Mark Spitz mustache
By Ken Zurski
Abraham Lincoln, the 16th President of the United States, was the first commander-in-chief to wear facial hair. Surprised? Actually by being the first to sport a beard, Lincoln started a trend that lasted nearly 50 years. A trend that ended in 1912 with the election of Woodrow Wilson. There hasn’t been a stitch of hair on any U.S president’s face since. That’s 17 president’s in a span of 115 years! And the 2016 election of the 45th president doesn’t change that fact.
Even vice-president’s are included.
Many claim the invention of Gillette’s safety razor in the early 1900’s had something to do with the change. Suddenly shaving was easier and facial hair in general went out of style. Plus, the military banned beards too. This was not the case during the Civil War or the Spanish -American War, led in part by a future president, Teddy Roosevelt, who sported a bushy mustache. But this doesn’t explain the recent trend in beards and the on again off again attitudes towards mustaches which reached it’s peak with the popularity of Olympic swimmer Mark Spitz in the 70’s and Tom Selleck in the 80’s.
Despite these cultural shifts, the president’s faces have remained unchanged.
Even Lincoln’s beard was an afterthought. Lincoln never had facial hair as an adult and only let his whiskers go after a receiving a letter from an 11-year-old girl named Grace Bedell who suggested the president-elect should grow one. “For your face is so thin,” she wrote. Lincoln reluctantly obliged.
After Lincoln, and in the eleven presidencies that followed, only Andrew Johnson and William McKinley chose to go clean shaven. The rest had either a beard, mustache or both. Chester Arthur was one. The 21st president, had a classic version of sidewhiskers, an extreme variation of the muttonchop, or side hair connected by a mustache.
The last president to have facial hair is William Howard Taft.
Woodrow Wilson was next. He shaved everyday and was always impeccably coiffed.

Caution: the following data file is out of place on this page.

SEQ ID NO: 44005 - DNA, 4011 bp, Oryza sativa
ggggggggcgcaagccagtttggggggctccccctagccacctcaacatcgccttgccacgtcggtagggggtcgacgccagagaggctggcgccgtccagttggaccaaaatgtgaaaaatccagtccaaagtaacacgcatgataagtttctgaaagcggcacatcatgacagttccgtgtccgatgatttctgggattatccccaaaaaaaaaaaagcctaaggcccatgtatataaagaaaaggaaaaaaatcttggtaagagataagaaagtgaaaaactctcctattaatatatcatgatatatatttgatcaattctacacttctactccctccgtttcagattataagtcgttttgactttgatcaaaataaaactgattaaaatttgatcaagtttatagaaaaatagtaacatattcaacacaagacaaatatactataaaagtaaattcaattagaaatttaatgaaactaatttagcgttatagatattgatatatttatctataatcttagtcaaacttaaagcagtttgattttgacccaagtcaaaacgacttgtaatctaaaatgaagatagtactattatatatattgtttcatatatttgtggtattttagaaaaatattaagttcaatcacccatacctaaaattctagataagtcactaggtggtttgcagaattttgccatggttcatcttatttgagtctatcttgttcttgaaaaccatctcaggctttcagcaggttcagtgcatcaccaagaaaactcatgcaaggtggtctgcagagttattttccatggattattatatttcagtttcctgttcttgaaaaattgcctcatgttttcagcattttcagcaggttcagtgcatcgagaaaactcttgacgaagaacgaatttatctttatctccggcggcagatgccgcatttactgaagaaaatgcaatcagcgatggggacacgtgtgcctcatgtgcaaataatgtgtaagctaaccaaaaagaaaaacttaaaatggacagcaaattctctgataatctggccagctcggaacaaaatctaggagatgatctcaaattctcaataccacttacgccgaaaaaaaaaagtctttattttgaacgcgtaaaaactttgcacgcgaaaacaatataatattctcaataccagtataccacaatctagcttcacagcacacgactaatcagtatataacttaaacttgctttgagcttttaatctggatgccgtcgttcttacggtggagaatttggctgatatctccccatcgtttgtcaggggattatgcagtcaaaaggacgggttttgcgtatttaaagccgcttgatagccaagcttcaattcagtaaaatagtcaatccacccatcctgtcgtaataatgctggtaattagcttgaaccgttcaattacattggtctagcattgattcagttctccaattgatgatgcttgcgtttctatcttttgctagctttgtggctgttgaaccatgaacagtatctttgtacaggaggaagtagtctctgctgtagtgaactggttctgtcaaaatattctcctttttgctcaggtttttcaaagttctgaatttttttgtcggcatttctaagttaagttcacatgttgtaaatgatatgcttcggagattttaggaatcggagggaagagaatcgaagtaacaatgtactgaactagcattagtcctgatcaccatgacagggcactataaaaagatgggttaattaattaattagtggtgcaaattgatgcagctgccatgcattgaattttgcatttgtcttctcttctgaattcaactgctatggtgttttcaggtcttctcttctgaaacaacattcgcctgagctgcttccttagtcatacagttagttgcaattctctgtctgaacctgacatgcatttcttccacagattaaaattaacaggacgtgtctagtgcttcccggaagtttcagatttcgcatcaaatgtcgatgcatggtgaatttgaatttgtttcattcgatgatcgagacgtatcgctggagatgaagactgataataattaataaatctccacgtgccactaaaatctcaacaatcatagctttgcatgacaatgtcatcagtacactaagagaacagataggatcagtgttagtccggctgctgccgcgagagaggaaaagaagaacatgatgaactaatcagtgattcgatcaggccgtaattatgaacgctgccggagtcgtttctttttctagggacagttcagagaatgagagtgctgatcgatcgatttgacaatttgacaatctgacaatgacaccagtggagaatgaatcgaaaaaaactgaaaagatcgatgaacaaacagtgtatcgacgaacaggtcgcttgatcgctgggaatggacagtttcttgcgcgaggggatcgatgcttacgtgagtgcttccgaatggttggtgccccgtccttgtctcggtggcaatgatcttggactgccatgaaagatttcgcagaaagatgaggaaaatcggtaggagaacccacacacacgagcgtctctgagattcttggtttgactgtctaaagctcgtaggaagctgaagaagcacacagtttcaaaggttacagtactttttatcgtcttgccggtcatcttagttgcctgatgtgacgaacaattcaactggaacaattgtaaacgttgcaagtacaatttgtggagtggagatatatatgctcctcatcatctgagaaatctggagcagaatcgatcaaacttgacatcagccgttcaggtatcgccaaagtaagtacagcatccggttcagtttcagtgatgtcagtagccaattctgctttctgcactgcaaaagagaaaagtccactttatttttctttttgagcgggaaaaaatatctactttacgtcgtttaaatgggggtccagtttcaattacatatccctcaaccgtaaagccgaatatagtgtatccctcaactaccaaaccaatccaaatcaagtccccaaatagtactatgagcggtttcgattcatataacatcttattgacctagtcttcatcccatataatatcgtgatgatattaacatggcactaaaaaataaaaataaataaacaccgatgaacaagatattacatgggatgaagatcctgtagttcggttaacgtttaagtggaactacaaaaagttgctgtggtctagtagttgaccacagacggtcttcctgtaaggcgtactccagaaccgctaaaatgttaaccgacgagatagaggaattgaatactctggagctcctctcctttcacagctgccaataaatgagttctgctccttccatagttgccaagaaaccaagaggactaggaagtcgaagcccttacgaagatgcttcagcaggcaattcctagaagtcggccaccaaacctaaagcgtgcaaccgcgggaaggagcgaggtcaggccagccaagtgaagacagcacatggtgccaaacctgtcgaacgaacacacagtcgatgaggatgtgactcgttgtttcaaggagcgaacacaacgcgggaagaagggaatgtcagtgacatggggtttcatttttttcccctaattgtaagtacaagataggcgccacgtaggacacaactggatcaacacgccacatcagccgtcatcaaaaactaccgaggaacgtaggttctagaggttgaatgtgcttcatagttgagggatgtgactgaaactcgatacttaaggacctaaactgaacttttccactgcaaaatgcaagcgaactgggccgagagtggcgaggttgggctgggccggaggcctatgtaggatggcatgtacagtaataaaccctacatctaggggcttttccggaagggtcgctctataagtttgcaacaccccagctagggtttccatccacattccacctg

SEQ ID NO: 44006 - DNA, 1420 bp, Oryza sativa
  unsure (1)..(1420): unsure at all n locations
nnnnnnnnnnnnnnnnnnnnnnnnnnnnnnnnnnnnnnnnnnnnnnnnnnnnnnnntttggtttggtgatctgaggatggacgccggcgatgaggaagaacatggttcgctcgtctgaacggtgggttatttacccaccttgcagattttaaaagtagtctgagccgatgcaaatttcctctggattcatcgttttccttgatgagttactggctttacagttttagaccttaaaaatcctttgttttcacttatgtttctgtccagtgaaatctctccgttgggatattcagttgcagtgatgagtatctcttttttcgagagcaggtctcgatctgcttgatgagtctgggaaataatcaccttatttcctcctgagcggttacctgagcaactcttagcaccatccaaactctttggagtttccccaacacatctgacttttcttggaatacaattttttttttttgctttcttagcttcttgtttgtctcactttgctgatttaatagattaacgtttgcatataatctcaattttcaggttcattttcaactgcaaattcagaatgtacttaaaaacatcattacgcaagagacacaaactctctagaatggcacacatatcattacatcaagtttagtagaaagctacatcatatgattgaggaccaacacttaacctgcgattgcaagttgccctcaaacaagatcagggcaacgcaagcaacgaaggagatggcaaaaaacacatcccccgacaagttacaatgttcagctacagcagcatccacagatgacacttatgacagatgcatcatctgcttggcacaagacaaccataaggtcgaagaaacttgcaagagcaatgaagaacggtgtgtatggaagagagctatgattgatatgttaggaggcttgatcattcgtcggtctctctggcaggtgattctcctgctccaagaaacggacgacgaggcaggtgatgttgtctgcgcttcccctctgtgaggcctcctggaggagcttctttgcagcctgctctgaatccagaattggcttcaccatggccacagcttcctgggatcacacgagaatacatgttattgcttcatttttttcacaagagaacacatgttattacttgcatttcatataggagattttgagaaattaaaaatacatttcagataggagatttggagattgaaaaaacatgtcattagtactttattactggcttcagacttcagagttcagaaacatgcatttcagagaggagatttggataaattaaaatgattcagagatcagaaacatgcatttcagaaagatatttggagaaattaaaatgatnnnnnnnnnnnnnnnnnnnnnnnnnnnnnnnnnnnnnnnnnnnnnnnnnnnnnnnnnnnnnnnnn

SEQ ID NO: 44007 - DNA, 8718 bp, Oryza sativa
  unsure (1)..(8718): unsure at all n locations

Regardless of why the trend ended with the 28th President, something as trivial as a facial hair has controversy.
Some argue that John Quincy Adams, not Lincoln, should be considered the first president to keep hair on the face. If so, that would pull the history of president’s and facial hair back nearly four decades.
Not to be. Adams chops, which extended off his ears and sloped down to his chin was not considered a full beard.
And since he did not have a hair under his nose, the sideburns only look didn’t count.
By Ken Zurski
In August and September of 1972, at the Summer Olympics in Munich, West Germany, American swimmer Mark Spitz did what no other Olympian had ever done up to that point, win more consecutive gold medals in a single games.
In this case, it was a “golden” seven.
It could have been only six.
Spitz was satisfied with his unprecedented six-for-six gold medal streak and considered bowing out of his last scheduled race, the 100m freestyle, after being edged by rival and current world record holder in the event Michael Wenden of Australia in both the prelims and the semis.
Sptiz thought a loss would tarnish his previous accomplishments. But his coach convinced him that since the 100m freestyle was the premier swimming event of the games, Wenden would be crowned the fastest swimmer in the world.
Spitz raced, won, and beat Wenden’s world record by nearly a second.
“There is no money in swimming like there are in other sports,” Spitz said about his record making accomplishments. “The medals don’t have much monetary value. I’ll hang them on the wall someplace.”
But Spitz’s fortunes would change.
After the games, Spitz became an instant celebrity and one of the first Olympians to profit off his success by picking up major product endorsements from swim trunk maker Speedo and razor king, Schick.
The latter thanks to that famous mustache, Spitz’s trademark.
Spitz grew up in Honolulu Hawaii and became a competitive swimmer at an early age. He sported the mustache in college on a bet from a coach that he couldn’t grow one.
After the games, which were marred internationally by the Israeli hostage tragedy, the poster of Spitz sporting his mustache and seven gold medals around his neck became a best seller.
The ‘stache, however, was a source of curiosity and contention for other competitors.
Even the coach of the Russian team went so far as to ask Spitz if he thought his facial hair slowed him down. Spitz told him it actually streamlined water around his mouth, making him swim faster. Today’s competitive swimmers would disagree, since they prefer no facial or body hair in general except perhaps on their heads which is usually covered by smooth swim caps. In Spitz’s era, swimmers didn’t wear caps on their heads.
Sptiz amount of gold won at a single games was finally broken by Michael Phelps at the Beijing Games in 2008.
But Phelps, who won 8 gold medals without breaking a world record in one event, gives Spitz a lasting distinction of besting the world record in every event he entered, even the seventh and final race of his swimming career, the 100m freestyle, the event he considered skipping.
“You can bet your ‘omph-pah’ horn or your last stein of Munich beer, or both, that it will be seven gold medals before the sun sets,” wrote UPI sports writer John G. Griffin on the day of that last race.
He was right.